Sydney Olympic Games Opening Ceremony 2000

Sydney Olympic Games Opening Ceremony 2000

Acknowledge: Australian Stock Horse Society 40th Anniversary Compendium & article by Kerry Grey

Featured Image: ‘Lone Horseman’ Steve Jefferys on “Woomera”

See: https://www.ashs.com.au/the-society/about-us/about-us/

See also: https://sconevetdynasty.com.au/australian-stock-horse-society-40th-anniversary-compendium/

See also: https://sconevetdynasty.com.au/heritage-horse-ride-olympics-2000/

See also: https://sconevetdynasty.com.au/olympic-games-defining-moments/

See also: https://sconevetdynasty.com.au/australia-on-horseback-at-sydney-olympic-games-2000/

The tribute to the Australian Stock Horse during the 2000 Sydney Olympics Opening Ceremony was a moment the world will never forget. An audience of more than 3.7 billion people watched as Steve Jefferys galloped into the stadium, reared and cracked his whip. A further 140 horses were ridden into the Stadium and performed intricate formations to a specially written version of ‘The Man from Snowy River’ theme by Australian composer Bruce Rowland.

This was the culmination of a totemic vent which had its genesis in Scone. Then Australian Stock Horse GM Brian Brown conceived the idea. He followed through his ‘dream’ with resolute determination, boundless chutzpah and a smattering of broiling braggadocio. He won! The caste of 140 riders plus horses were assembled in Scone and sworn to secrecy. Senior Sergeant Don Eyb (the ‘Don’) of the NSW Mounted Police was the inspired choice as Display Director/Team Training Captain. The first ‘Boot Camp’ was held at Scone’s White Park from 10th – 12th March 2000. If any questions were asked ‘they were making a TV advertisement for OMO’! Further ‘Boot Camps’ were scheduled for Scone in June (‘icy winds’) to be followed by a 10-day assembly at Castle Hill Show Ground.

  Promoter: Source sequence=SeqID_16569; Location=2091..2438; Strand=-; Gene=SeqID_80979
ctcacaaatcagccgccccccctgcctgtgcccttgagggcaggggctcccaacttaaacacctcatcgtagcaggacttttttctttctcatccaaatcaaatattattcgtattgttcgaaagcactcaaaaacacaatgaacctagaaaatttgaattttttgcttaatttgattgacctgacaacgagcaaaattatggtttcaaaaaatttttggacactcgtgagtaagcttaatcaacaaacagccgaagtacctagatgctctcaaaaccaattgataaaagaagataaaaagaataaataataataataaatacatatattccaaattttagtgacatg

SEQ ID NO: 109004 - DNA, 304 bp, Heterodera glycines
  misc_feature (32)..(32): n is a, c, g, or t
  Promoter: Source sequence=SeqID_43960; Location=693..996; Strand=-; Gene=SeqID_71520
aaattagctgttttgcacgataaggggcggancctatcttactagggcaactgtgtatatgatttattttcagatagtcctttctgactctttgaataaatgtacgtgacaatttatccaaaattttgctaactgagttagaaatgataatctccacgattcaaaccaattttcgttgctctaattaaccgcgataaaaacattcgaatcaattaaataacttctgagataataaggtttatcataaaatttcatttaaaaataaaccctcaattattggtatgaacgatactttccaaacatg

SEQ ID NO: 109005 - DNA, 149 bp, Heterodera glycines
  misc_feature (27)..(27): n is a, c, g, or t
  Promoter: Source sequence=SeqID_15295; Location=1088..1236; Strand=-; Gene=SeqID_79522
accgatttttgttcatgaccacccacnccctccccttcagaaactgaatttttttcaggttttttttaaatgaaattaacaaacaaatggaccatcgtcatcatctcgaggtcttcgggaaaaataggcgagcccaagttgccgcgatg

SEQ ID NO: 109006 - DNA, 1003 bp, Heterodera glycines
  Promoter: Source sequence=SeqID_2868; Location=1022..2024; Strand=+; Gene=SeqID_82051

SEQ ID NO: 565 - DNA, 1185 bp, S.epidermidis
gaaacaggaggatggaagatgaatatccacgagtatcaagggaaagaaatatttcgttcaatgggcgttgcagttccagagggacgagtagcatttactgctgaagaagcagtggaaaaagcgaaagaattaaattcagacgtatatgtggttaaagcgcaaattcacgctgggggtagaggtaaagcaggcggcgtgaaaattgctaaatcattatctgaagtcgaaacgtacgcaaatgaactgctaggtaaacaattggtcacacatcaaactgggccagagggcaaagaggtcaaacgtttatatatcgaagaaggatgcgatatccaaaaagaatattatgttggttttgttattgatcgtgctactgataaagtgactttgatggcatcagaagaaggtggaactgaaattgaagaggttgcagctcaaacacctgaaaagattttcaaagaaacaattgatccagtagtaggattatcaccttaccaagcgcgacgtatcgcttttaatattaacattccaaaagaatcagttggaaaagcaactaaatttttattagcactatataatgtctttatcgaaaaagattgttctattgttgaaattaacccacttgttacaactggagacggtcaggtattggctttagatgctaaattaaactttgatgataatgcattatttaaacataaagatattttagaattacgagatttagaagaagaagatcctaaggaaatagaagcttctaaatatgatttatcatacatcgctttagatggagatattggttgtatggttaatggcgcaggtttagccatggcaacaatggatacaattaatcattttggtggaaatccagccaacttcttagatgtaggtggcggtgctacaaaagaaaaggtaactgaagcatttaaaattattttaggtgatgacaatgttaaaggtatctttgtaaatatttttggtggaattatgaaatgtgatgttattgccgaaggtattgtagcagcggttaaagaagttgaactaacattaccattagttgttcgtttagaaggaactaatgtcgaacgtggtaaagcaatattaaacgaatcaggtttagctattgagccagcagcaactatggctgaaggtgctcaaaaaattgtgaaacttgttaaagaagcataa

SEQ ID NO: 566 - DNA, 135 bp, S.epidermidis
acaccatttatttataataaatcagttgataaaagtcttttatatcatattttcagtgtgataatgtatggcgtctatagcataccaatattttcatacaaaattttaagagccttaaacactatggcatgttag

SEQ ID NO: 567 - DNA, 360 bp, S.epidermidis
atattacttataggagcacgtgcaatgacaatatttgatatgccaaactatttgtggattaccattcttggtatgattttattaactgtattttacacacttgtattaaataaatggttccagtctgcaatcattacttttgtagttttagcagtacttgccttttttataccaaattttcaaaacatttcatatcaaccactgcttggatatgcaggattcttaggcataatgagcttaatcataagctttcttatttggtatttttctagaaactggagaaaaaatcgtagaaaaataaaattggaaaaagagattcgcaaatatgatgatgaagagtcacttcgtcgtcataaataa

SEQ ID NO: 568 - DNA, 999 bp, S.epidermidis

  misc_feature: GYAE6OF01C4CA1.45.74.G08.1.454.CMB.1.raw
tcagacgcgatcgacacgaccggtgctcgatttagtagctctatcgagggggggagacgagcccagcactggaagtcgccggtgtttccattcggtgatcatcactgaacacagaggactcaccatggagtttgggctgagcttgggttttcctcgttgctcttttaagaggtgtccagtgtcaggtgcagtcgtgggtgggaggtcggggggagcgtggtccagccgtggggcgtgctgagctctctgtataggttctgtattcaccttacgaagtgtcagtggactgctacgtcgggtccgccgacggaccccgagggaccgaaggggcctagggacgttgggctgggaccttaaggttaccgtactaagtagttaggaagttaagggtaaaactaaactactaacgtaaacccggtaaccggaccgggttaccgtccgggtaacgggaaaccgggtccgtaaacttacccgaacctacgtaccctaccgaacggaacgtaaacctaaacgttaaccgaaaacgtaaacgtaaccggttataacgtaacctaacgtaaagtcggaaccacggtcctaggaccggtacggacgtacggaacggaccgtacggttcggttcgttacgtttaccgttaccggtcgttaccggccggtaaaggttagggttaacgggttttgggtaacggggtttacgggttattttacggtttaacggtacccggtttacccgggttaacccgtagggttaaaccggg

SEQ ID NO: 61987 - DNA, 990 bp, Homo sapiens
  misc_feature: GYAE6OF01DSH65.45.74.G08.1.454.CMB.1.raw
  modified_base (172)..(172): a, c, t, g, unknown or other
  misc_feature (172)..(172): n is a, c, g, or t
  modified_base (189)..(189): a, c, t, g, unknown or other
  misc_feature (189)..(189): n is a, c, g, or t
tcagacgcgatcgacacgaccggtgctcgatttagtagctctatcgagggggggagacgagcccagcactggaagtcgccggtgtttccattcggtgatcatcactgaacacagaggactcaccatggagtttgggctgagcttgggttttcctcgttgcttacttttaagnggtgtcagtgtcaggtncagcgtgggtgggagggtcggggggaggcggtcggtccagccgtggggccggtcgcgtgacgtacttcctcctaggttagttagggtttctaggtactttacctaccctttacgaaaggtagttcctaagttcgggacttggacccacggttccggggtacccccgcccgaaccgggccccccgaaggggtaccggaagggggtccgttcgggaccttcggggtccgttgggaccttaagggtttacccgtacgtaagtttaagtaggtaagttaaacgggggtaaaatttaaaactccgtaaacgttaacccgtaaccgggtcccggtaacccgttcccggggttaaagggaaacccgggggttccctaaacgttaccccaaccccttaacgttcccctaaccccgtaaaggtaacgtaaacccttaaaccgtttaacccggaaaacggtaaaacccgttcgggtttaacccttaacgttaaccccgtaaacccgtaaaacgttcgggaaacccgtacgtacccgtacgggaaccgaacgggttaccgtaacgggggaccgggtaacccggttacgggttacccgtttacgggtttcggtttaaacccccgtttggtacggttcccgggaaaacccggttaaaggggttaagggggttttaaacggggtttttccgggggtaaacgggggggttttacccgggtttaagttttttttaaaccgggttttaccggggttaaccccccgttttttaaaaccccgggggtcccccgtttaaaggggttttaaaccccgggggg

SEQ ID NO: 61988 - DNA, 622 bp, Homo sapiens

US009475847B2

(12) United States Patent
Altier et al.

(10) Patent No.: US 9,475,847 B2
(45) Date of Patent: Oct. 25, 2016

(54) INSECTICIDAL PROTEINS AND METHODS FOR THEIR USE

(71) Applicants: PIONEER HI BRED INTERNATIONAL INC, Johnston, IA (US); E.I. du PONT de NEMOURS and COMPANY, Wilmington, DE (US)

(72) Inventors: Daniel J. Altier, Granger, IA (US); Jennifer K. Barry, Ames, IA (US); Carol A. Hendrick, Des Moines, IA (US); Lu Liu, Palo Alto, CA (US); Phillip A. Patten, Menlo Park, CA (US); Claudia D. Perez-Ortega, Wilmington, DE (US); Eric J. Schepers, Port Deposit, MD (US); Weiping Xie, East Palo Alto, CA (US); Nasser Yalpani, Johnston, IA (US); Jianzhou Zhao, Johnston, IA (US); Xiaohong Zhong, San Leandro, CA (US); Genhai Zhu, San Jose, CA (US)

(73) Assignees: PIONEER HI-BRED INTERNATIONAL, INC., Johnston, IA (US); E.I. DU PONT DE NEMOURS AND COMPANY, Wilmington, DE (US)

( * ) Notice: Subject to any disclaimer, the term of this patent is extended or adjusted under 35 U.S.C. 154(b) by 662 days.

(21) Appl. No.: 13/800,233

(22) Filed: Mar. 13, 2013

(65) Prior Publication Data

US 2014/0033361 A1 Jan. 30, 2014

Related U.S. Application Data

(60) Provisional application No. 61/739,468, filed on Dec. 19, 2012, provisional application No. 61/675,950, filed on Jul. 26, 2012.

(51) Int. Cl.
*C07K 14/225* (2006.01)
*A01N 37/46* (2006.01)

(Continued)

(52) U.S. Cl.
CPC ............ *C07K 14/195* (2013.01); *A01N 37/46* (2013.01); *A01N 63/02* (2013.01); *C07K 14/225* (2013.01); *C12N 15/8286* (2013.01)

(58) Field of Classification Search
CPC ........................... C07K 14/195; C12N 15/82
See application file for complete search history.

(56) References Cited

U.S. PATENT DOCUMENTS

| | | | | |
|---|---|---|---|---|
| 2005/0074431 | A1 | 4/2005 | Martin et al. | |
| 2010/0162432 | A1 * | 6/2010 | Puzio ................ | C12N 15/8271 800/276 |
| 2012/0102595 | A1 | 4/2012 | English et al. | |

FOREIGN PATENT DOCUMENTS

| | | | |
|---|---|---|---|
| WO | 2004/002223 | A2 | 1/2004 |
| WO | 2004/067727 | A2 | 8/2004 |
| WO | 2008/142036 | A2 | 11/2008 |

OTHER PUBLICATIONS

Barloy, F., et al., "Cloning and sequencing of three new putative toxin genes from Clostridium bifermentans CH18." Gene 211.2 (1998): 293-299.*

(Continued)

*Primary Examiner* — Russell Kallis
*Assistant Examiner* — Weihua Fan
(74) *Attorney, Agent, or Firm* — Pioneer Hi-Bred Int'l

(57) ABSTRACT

The outcome was a total triumph for the eclectic corps. Bob Gunning, Tim Cone, Lynda Watson, Jillian Henderson and Susan St Clair represented ‘Scone locals’ among the five groups of riders (Group I ‘Blue’, Group 2 ‘Yellow’, Group 3 ‘Black’, Group 4 ‘Green’ and Group 5 ‘Red’). The Maitland Polocrosse Club was denuded of its talent for the occasion and Norfolk Island could identify three of its former pony clubbers. The inspector on the tick gate at Wallangara on the NSW/QLD border was beginning to recognise the seasoned travellers and chaperones as the Queensland horse stopped to be sprayed. My former Royal (Dick) Vet Colleague Roy Holland was the veterinarian.